Mamun Rashid, Managing Partner of PricewaterhouseCoopers(PwC) Bangladesh. Mr. Mamun has a diverse career spanning multiple sectors and countries. Prior to joining PwC Bangladesh, he was the CEO of Citibank N.A., Bangladesh, the first Bangladeshi CEO of an American Bank. He started his career at ANZ Grindlays Bank in Dhaka and Mumbai. In 1993, he moved to Standard Chartered Bank where he successfully built up treasury and financial institutions businesses in Bangladesh.
Mr. Mamun has been teaching various business subjects for the last 20 years as an adjunct and full-time professor and has authored 12 books on contemporary business and economic issues.
In an interview with Future Startup, published in 2017, he shared some of the lessons on management he has learned from his journey so far. You may read the entire interview here.
From Mamun Rashid:
Creating space and opportunities for my people – the brilliant ones – so that they can grow and contribute is at the core of my management style.
The growth of any organization depends on the growth of its people. When your people are growing, you will grow naturally. That’s nature and this understanding reflects in my management style when it comes to people and organizations.
Leadership is not about the self, it is about other people. In order to be effective as a leader, you have to create space for others, be able to take back seat and allow your people to take the lead. You have to be able to see things beyond what only visible and be able to philosophize.
The other thing is the team and having a deeper connection with your team so that they feel they need you.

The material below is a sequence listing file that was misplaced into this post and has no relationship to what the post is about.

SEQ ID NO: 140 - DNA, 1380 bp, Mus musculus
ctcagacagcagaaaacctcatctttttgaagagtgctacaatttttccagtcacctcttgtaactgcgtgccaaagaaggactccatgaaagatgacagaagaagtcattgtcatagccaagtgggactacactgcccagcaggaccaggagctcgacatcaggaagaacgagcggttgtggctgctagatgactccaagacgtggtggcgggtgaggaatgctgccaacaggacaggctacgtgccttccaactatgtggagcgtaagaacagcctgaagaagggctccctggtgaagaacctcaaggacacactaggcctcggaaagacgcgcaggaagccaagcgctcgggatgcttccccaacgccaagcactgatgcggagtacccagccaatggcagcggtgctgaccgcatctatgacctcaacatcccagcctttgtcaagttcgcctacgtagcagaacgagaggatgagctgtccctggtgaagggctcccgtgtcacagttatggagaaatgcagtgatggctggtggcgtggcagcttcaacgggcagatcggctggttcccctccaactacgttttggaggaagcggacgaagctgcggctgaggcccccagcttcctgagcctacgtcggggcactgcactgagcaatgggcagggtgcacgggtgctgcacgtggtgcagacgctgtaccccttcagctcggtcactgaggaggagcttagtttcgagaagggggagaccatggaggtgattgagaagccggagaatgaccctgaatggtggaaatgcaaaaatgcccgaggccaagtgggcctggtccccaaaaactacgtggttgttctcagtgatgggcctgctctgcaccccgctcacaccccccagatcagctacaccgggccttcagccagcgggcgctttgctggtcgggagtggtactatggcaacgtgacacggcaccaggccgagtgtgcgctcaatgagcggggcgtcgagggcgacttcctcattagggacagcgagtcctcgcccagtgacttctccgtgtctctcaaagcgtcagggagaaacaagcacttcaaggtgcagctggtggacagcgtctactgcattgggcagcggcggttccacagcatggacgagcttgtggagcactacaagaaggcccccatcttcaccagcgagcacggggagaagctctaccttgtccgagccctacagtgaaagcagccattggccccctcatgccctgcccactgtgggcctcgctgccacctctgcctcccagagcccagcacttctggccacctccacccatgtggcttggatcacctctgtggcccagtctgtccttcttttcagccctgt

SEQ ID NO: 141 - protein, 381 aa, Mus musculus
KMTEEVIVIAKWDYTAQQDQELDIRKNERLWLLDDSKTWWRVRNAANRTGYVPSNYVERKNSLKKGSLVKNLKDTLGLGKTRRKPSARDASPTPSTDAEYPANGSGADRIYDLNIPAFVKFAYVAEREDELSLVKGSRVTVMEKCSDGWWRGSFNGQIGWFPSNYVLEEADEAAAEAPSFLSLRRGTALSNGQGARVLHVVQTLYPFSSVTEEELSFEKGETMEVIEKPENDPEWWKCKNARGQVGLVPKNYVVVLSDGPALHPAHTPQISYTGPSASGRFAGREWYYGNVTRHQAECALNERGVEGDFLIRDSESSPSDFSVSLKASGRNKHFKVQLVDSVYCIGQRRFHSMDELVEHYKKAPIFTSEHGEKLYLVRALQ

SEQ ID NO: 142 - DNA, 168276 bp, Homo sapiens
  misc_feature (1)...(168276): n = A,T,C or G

I dedicate one day is Friday for my family. It is quite tough since my wife is also a CEO and she also travels a lot. If both of us are out of the country, we try to join somewhere nearby. She flies down from somewhere, I fly down from somewhere. We spend quality time together. We take this very seriously and make sure that we spend time together every week, invariably, because we had faced a few challenges in the long past because of taking ourselves too lightly.
We try to give time to each other consciously. We have a son who is getting ready to get into a good university in the US. A lot of his mother’s time is going to that. That’s my family's affairs.
I write, although not much these days, mostly write on Saturdays. I have some journalist friends who help me a lot. During the weekdays, it is as usual: meetings, works, and office.
I read every day. I dedicate two hours either in the morning or in the late-night studying things from Katrina Kaif’s life to aeronautics to Donald Trump. I have a diverse reading interest.